A St. Louis-area community is on edge as a 5-year-old fire burning underneath a landfill threatens to interact with nearby nuclear waste, with potentially deadly consequences.
Residents in Bridgeton, Missouri, met in a packed church Thursday to discuss a solution to the growing problem that has county and school officials talking emergency evacuation plans, according to Fox 2 Now.
The underground Bridgeton Landfill fire -- which in itself is not an unusual occurrence -- is just a quarter-mile away from 8,700 tons of buried barium sulfate at West Lake Landfill, the Los Angeles Times reported. The waste came from the government's Manhattan Project, which created the nuclear weapons that helped end WWII.
Despite the Environmental Protection Agency's assurance that there is no health threat, Missouri's Attorney General Chris Koster isn't buying it. In September, Koster released damning reports of radiological contamination seeping out of the earth. The attorney general's office is now prosecuting Republic Services Inc., which manages the landfill.
“These reports underscore what has been clear from the beginning -- Republic Services does not have this site under control,” Koster said in a statement. “Not only does the landfill emit a foul odor, it appears that it has poisoned its neighbors’ groundwater and vegetation. The people of Missouri can’t afford to wait any longer -- Republic needs to get this site cleaned up.”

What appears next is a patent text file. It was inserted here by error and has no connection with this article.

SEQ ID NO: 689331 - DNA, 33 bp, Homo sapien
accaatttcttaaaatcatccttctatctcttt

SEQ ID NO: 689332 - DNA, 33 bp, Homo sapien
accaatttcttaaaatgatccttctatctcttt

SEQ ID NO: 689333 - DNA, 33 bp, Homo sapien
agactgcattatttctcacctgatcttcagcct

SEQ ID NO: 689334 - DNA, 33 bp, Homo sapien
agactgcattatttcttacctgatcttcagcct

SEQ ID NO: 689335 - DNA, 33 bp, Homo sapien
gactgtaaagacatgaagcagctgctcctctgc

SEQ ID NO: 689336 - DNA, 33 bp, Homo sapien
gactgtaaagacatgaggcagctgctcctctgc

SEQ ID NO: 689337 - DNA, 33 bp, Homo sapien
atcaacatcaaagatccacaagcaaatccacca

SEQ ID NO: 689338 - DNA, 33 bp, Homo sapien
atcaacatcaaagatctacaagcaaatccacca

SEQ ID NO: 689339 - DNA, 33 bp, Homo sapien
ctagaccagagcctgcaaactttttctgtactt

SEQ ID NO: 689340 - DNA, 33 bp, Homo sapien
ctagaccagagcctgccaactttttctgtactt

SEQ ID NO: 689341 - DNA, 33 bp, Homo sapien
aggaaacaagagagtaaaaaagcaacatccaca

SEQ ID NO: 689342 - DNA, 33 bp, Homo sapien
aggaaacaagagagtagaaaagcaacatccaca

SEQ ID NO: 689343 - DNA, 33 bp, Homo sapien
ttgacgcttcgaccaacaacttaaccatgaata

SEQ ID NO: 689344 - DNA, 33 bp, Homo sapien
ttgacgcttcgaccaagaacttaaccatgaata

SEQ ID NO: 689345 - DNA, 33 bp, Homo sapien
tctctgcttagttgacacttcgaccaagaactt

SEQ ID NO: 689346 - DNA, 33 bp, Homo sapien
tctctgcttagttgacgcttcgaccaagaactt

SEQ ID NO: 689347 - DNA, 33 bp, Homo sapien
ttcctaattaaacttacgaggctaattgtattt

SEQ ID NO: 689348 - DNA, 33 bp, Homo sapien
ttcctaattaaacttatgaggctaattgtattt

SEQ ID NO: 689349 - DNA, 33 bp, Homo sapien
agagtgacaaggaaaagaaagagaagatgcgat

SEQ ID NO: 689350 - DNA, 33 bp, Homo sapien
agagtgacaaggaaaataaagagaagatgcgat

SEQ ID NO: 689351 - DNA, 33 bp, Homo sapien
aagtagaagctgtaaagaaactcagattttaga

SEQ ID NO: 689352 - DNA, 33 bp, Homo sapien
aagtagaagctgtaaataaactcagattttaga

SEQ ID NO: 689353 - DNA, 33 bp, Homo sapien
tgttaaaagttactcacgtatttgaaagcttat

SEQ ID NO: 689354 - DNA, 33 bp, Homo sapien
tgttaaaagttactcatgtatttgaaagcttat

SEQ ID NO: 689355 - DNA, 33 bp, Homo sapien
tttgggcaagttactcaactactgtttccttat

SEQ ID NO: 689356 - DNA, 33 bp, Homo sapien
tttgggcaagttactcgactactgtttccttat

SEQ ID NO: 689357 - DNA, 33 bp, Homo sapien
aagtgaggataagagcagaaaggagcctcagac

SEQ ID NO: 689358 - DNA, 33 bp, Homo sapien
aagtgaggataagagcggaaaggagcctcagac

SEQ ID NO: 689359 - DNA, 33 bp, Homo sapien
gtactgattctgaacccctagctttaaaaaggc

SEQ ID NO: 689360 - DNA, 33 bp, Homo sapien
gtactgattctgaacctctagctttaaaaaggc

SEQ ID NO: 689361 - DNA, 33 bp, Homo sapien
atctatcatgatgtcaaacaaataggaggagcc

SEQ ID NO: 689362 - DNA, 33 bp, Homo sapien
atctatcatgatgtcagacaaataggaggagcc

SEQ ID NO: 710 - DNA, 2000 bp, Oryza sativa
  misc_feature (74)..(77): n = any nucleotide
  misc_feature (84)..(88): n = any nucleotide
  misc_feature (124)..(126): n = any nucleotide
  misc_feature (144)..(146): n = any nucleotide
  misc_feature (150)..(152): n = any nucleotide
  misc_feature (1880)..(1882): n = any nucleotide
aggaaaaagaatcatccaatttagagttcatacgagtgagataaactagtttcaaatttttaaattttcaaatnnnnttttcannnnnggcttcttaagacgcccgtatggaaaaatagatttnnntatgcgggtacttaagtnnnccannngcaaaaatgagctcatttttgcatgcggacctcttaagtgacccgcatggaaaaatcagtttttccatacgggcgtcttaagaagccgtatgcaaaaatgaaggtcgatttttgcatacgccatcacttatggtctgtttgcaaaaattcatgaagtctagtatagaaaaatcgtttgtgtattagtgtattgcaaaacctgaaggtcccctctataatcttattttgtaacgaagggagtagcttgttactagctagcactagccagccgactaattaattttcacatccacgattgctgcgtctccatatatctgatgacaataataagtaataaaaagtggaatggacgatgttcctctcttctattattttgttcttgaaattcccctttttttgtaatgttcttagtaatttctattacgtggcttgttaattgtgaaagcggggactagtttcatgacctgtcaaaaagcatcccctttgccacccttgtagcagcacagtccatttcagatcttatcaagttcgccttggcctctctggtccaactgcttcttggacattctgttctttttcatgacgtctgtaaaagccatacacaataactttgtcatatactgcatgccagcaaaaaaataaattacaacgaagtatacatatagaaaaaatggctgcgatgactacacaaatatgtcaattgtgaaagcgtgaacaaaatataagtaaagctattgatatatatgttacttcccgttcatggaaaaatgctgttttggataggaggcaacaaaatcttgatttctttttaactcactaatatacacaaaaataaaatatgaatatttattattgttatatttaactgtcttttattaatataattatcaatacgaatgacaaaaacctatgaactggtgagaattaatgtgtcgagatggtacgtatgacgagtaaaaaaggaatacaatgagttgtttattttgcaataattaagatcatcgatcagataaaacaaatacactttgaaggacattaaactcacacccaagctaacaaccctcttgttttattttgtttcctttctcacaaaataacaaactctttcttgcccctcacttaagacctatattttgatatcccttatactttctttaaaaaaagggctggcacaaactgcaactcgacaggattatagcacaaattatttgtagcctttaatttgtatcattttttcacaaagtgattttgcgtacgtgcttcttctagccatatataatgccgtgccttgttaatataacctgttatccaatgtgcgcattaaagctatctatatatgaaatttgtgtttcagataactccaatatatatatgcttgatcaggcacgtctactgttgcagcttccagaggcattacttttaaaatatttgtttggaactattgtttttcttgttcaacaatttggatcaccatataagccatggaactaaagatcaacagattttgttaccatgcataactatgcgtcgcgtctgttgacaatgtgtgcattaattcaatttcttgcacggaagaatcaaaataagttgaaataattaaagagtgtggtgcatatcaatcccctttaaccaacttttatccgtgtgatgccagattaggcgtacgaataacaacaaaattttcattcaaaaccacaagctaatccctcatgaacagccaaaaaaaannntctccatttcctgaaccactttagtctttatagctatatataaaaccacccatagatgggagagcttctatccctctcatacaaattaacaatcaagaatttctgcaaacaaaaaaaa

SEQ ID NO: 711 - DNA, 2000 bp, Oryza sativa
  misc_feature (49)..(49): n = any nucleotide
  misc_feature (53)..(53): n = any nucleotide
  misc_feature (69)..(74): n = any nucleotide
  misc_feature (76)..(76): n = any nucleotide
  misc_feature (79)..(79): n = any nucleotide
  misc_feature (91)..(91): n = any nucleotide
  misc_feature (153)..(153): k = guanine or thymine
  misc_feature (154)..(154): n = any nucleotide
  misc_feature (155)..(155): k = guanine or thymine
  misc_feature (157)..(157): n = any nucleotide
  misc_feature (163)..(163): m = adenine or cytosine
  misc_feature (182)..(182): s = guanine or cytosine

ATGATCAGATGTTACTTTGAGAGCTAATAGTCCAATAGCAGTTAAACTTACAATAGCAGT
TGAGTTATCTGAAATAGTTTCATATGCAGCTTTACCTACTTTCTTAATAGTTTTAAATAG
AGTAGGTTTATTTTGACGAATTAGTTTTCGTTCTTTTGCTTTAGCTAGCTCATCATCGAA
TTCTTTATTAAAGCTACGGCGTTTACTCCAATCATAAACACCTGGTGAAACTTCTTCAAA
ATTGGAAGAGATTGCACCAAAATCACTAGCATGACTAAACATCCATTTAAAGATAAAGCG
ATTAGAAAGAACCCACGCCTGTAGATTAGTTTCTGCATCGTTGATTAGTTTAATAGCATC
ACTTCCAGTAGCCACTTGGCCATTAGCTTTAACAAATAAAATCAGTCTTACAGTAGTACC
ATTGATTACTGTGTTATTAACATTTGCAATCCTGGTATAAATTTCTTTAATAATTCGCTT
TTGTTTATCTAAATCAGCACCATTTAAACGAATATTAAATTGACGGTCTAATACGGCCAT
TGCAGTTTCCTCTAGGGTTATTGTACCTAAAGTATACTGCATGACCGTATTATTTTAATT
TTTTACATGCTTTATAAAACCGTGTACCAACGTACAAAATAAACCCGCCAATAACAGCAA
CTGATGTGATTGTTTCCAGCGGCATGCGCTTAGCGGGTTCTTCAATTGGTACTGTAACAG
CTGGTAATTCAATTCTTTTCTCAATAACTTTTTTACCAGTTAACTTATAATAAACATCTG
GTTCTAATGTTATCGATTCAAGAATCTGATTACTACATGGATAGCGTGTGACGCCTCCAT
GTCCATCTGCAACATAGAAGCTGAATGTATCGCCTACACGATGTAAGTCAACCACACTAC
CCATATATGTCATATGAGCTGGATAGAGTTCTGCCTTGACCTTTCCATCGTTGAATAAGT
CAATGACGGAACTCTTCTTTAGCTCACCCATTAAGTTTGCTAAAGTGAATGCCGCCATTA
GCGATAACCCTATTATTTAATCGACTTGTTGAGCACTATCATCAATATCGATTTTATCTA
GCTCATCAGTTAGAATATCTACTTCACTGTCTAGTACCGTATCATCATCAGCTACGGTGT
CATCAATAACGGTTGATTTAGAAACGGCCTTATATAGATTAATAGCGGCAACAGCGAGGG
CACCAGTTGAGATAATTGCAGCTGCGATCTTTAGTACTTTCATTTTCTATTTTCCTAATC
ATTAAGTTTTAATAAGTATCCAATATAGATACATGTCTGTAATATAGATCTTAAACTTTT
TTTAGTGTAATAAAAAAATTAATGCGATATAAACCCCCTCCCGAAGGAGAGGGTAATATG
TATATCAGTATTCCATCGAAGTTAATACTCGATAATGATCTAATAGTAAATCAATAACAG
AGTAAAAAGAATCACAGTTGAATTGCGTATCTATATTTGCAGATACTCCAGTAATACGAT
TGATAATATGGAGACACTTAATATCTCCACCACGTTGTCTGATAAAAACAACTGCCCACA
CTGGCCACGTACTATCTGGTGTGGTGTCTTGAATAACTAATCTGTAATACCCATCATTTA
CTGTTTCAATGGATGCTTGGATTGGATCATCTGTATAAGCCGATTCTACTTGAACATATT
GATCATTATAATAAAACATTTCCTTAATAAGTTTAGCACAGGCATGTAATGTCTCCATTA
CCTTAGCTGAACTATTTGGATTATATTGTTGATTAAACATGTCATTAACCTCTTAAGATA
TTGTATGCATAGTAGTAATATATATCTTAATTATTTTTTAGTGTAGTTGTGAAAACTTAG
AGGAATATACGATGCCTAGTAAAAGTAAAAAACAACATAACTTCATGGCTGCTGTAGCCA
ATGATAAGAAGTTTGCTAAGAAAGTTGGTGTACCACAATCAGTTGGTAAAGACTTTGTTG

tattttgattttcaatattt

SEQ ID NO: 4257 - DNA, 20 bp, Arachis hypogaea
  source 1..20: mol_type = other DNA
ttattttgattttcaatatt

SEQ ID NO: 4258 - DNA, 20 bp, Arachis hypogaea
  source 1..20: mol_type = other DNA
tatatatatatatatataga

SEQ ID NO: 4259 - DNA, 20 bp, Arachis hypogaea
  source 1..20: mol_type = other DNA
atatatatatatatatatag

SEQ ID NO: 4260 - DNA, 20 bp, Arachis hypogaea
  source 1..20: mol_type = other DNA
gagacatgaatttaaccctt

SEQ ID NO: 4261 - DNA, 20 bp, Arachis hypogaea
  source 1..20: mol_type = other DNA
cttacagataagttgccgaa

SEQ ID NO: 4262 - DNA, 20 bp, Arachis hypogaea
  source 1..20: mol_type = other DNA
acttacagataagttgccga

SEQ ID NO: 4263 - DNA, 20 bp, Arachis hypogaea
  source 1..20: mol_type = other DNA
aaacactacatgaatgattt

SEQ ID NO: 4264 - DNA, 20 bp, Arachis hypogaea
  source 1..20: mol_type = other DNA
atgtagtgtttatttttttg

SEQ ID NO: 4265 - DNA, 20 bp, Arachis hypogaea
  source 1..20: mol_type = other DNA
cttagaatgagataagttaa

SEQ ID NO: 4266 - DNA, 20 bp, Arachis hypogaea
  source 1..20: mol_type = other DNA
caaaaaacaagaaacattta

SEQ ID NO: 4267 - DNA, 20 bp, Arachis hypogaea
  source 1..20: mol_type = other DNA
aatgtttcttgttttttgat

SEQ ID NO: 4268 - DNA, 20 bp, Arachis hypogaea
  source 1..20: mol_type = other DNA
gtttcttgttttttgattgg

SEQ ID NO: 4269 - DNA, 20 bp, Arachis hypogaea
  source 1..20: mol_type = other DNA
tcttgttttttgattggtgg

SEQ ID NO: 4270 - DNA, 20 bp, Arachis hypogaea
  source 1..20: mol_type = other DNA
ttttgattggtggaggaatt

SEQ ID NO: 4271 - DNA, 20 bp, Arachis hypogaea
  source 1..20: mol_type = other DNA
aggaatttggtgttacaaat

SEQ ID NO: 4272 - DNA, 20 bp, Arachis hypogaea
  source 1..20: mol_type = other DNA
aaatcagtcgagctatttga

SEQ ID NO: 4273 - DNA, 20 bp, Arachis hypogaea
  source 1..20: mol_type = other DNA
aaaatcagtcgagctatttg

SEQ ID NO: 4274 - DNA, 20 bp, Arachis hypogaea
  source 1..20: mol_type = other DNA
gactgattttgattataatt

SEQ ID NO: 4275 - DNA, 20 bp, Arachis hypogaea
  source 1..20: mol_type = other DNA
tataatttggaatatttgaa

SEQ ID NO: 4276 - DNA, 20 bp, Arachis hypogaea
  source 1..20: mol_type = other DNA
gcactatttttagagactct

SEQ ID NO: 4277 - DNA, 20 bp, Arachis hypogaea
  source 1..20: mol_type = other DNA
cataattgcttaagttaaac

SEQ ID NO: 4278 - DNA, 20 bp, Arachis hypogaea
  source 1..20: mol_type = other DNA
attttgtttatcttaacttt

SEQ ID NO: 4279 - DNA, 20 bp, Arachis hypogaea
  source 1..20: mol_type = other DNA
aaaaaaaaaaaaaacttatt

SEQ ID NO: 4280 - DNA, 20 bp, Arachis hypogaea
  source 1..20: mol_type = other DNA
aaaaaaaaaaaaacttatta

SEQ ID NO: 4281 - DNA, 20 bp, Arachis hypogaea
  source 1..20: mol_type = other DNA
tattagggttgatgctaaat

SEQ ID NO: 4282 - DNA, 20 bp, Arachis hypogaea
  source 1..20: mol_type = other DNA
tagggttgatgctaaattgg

In its response to Koster's investigation, the EPA said that "people living near and working outside the boundary of the West Lake Landfill are not currently being exposed to contaminants ... that are above a level of concern."
If the fire reaches the waste, there is "potential for radioactive fallout to be released in the smoke plume and spread throughout the region," county officials warned in October 2014. There are no barriers between the ever-present fire and the nearby nuclear waste. Ed Smith, with the Missouri Coalition for the Environment, told the LA Times that even if the fire burns out, the radioactive waste may still cause problems.
Heather Lankford was one of 400 others at Thursday's church meeting voicing concerns about the waste.
“It’s very scary, I can’t imagine forfeiting [my children's] future,” Lankford told Fox 2 News.